Re: Ian Murdock

Almost 20 years ago my father answered the phone as we ate a late family dinner. He was mightily confused because the man on the other end of the call was asking him questions he had no idea how t answer. After a few moments of confusion, my father told the man, he was pretty sure he wanted his son, Kevin, not him.

On the other end waited Ian Murdock. He’d taken the time to call me up to do my Debian maintainer identity interview. It was, and is, a big deal, from a security standpoint, to verify the identity of new Debian maintainers. But the task is tedious, calling up new maintainers and talking to them for half an hour. Imagine my surprise, when, the man doing my interview was *the* Ian from deb*ian*. One of the co-founders of the entire project had taken the time to call me. I was Impressed.


Years later, I got to meet Ian in person at an ExactTarget conference, and I thanked him for calling a nerdy high school kid to verify his identity. He not only confirmed my identity for security purposes, but he affirmed that I mattered, and could help. At the time, I don’t think he remembered the call, and I don’t think I was sufficiently able to convey what his call meant to me.

Last Monday, Ian Murdock was found dead in his home. The details are few, the speculation rampant. Police may or may not be involved. The proximate cause might have been Suicide. Was his Twitter account hacked? Regardless of the details, I’m reminded that all too often our culture judges people by their actions in the worst moments of their life. Those who have killed are forever murderers branded by their actions at the worst moments of their life. We don’t seem to have a cultural construct for good people who made mistakes. Not where suicide or the police are concerned. I’ve already started to see Ian eulogized not for his contributions to the world, but as a “crazy” and someone who gave up. I don’t know how Ian died, it’s likely you don’t either. It doesn’t matter; Ian was more, is more, than the unknown actions at the end of his life. He was also the kind of man who’d not only call and verify my identity, but reaffirm an insecure high school nerd’s ability to meaningfully contribute to the world at large.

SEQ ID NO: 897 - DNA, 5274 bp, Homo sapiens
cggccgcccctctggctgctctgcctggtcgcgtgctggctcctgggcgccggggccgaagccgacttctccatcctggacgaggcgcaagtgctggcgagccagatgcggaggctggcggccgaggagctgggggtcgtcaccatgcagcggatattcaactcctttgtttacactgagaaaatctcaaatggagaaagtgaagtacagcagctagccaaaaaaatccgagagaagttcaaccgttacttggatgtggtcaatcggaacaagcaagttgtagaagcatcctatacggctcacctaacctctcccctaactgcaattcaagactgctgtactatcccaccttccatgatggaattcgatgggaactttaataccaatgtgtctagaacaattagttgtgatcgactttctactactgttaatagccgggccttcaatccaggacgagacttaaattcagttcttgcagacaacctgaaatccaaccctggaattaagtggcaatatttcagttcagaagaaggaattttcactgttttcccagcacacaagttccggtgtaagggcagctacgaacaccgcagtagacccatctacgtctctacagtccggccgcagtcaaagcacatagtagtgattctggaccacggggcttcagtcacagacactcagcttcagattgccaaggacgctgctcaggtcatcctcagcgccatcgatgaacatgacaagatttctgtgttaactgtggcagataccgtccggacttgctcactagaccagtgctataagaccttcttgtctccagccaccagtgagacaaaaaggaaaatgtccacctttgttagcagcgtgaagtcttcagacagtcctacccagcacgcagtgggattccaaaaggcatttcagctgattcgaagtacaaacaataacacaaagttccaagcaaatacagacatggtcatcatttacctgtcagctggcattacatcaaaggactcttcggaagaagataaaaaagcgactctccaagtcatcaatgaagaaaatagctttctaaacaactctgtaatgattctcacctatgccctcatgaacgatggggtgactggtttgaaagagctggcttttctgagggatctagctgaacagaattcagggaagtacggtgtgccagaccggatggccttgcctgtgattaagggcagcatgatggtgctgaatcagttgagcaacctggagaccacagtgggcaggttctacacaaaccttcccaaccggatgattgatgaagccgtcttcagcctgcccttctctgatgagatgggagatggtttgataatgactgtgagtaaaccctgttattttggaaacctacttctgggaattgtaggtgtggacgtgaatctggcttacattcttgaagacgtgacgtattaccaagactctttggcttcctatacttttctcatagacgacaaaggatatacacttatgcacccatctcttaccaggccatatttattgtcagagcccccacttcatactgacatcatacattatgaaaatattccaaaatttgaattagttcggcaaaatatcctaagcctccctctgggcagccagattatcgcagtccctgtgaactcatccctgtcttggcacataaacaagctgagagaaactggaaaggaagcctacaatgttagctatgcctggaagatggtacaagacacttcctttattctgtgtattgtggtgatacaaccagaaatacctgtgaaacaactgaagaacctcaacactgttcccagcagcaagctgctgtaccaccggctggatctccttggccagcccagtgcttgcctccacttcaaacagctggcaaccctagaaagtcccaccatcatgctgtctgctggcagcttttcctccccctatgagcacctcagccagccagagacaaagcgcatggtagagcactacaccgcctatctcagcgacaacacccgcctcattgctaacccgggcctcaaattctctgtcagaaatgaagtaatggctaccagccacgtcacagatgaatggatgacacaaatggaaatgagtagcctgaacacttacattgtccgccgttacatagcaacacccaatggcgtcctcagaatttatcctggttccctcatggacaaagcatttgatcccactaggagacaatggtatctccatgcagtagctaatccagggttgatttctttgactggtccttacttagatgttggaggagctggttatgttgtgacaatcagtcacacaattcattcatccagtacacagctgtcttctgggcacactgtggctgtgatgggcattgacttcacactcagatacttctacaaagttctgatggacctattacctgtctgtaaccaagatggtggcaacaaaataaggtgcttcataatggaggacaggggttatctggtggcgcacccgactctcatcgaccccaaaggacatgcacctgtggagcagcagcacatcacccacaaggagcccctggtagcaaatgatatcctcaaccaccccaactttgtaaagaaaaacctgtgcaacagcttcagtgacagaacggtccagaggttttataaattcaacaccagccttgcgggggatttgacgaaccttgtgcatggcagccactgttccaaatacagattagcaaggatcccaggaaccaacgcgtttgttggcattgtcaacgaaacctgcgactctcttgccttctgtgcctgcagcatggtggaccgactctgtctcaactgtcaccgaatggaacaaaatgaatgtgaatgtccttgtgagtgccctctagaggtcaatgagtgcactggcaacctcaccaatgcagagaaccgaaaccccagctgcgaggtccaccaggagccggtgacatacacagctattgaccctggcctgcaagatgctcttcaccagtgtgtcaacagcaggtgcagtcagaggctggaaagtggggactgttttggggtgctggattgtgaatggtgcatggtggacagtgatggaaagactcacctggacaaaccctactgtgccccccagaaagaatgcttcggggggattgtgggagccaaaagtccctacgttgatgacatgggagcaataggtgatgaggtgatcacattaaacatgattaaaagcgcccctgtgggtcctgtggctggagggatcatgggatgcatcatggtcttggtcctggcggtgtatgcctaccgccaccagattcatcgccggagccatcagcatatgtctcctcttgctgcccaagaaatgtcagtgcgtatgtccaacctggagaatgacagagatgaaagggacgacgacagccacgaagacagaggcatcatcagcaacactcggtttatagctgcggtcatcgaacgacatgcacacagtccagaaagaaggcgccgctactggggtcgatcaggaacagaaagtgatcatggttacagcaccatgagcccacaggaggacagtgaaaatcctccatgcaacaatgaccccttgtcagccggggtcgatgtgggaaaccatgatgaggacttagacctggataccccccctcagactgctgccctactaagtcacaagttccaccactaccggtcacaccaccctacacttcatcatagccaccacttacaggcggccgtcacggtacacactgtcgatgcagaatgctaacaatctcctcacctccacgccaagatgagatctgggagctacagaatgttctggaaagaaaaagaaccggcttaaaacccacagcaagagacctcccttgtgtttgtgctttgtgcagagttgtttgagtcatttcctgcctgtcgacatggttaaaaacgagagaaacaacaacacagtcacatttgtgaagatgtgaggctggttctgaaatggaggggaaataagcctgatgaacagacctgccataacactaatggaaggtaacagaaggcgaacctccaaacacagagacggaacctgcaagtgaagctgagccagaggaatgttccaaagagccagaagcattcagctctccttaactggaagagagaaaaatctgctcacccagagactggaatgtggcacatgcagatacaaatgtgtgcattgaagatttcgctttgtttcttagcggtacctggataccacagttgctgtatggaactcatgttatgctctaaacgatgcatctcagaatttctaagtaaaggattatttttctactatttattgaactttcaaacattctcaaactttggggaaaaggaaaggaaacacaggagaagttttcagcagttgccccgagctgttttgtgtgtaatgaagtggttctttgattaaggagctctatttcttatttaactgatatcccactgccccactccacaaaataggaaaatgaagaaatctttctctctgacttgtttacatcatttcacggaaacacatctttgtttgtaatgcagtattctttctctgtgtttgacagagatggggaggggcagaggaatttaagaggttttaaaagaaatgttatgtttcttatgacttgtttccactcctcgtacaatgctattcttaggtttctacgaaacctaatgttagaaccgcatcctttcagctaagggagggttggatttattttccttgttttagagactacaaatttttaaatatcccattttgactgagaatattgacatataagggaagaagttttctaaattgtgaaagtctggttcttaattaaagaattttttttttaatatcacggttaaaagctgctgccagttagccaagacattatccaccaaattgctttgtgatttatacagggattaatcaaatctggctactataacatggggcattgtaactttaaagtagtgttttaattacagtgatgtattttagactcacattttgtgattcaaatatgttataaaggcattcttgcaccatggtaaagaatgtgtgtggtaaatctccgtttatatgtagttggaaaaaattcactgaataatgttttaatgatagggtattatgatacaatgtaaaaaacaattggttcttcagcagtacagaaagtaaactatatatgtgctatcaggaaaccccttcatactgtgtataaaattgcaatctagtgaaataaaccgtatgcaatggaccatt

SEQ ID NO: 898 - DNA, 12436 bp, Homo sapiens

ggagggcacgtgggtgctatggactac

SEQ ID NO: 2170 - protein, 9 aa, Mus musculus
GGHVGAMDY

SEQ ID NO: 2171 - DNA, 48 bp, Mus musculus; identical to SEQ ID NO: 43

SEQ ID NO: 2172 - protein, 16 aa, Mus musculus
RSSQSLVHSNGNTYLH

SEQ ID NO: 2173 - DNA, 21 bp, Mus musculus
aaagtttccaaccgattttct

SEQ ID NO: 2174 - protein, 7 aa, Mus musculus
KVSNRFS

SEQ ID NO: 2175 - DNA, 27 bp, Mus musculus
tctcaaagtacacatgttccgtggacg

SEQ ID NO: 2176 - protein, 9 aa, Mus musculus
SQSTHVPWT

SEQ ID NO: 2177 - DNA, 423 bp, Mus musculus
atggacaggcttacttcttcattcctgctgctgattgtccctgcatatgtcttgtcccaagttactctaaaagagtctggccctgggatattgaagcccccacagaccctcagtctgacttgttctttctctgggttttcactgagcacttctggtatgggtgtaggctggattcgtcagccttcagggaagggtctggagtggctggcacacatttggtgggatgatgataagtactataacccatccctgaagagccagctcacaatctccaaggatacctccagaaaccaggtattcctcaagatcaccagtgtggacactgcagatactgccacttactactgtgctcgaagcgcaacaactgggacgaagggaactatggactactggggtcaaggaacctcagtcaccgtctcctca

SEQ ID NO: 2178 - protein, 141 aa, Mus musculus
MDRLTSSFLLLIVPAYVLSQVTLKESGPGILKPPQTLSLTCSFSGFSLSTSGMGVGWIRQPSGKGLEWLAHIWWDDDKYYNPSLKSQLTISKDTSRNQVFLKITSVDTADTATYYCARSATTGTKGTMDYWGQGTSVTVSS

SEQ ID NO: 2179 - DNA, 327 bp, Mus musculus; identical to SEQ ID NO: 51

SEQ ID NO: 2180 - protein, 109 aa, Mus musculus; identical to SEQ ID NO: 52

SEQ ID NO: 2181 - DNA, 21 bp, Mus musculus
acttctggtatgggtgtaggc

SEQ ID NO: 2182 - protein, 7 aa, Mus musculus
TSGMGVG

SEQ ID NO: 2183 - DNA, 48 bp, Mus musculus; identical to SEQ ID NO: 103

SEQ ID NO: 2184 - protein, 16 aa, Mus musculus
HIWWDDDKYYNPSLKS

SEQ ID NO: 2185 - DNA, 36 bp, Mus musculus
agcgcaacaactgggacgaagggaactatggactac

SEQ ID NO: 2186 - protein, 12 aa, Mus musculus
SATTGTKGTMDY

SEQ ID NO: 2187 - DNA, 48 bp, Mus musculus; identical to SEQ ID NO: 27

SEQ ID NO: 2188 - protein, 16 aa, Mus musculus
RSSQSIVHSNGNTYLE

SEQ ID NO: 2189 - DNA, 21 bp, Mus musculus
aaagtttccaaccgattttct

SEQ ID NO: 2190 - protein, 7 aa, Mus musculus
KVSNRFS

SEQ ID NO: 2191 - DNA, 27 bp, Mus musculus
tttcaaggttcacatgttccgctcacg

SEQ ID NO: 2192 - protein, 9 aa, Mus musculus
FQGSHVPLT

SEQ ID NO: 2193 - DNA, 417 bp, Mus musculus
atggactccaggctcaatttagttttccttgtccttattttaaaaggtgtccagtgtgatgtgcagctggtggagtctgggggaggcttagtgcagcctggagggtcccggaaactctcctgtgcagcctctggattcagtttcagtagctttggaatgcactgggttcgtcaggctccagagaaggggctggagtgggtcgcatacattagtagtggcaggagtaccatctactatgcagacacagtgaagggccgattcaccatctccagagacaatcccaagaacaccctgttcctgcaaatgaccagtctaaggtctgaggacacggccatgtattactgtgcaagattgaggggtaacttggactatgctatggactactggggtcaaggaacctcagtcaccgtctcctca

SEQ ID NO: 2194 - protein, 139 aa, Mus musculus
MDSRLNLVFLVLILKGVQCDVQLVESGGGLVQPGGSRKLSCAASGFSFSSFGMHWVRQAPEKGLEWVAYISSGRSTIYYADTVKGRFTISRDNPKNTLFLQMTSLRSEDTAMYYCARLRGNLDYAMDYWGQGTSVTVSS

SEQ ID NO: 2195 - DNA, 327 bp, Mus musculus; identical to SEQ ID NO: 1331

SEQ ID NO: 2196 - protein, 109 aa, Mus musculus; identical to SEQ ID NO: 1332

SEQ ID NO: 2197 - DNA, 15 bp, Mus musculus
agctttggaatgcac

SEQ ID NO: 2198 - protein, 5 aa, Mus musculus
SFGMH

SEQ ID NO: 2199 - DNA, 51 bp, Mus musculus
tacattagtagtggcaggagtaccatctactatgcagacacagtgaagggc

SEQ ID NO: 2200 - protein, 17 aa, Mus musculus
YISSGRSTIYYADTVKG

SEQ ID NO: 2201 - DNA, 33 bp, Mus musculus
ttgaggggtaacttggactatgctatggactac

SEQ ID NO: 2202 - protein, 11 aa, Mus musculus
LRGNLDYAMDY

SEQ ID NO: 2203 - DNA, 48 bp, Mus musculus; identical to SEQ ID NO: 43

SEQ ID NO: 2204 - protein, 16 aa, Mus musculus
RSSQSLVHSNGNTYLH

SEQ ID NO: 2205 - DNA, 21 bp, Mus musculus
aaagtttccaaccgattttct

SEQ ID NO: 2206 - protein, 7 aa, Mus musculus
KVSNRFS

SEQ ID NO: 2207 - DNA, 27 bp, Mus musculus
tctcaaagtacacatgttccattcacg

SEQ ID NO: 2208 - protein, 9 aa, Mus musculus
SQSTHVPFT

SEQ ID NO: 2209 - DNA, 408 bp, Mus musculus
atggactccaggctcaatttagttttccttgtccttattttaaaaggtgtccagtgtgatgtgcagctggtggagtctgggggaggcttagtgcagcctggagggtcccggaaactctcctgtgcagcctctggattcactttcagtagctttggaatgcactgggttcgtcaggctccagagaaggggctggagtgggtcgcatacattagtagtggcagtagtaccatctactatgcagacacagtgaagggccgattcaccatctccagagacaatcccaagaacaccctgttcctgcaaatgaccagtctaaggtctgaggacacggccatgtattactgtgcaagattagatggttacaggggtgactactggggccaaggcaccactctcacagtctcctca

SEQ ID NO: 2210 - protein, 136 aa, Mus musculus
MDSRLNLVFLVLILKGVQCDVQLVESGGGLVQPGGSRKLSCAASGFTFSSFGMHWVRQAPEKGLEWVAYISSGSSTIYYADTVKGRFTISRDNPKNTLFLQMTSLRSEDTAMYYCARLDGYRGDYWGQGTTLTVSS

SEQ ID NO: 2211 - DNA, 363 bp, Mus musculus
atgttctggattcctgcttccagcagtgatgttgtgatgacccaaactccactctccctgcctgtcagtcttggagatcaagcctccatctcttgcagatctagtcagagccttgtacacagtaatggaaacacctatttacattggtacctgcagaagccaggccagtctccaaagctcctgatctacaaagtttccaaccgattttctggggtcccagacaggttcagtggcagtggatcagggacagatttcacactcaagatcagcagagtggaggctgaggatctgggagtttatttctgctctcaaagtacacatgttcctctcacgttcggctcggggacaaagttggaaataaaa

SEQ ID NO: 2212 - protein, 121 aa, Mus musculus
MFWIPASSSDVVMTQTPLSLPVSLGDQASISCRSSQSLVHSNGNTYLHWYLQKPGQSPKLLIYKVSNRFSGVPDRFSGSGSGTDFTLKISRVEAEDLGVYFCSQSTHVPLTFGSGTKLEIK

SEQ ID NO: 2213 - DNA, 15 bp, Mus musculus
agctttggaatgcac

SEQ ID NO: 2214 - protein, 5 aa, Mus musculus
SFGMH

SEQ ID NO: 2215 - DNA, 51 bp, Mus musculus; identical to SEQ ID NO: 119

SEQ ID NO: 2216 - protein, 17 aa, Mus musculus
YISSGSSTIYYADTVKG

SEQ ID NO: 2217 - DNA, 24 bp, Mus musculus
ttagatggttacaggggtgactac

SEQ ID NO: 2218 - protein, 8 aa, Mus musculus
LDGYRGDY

To Ian, Thank you for all that you were and did.


  1. Great post, does it matter if he did go crazy at the end? He did some amazing and astounding things, if he’d gotten alzheimers at 80 and done the same things would people bat an eye? Maybe he had a brain tumor, maybe he was telling the truth, and some major part of his brain that controls inhibitions was damaged in the confrontation with police, we may never know.

    But what we do know is he was great in what he accomplished. Debian and all it’s children (ubuntu etc..) will live on for a long long time to come. The world is a better place because of his contributions, and ultimately, the rest really isn’t any of our nosy business.

  2. Lovely, mate.

    I didn’t know him at all. I only learned of him after he died. A fairly recent convert to GNU/Linux, Debian has been the distro I settled on. His legacy is important. Debian, man.. but also Ubuntu, Mint, Linux Lite, Raspbian.. and a beautiful free philosophy attached to it.. and him.

    People are yet to discover the open-source side of system operations and when they do, his legacy will be appreciated by them too. He will be remembered for his genius, philosophy and invention, for eternity.

  3. Great post and a fitting tribute! As a Debian enthusiast, I looked up to Ian and I’ll always have fond memories of my interactions with him. The world needs more people like him. RIP Ian!

Leave a Reply

Your email address will not be published. Required fields are marked *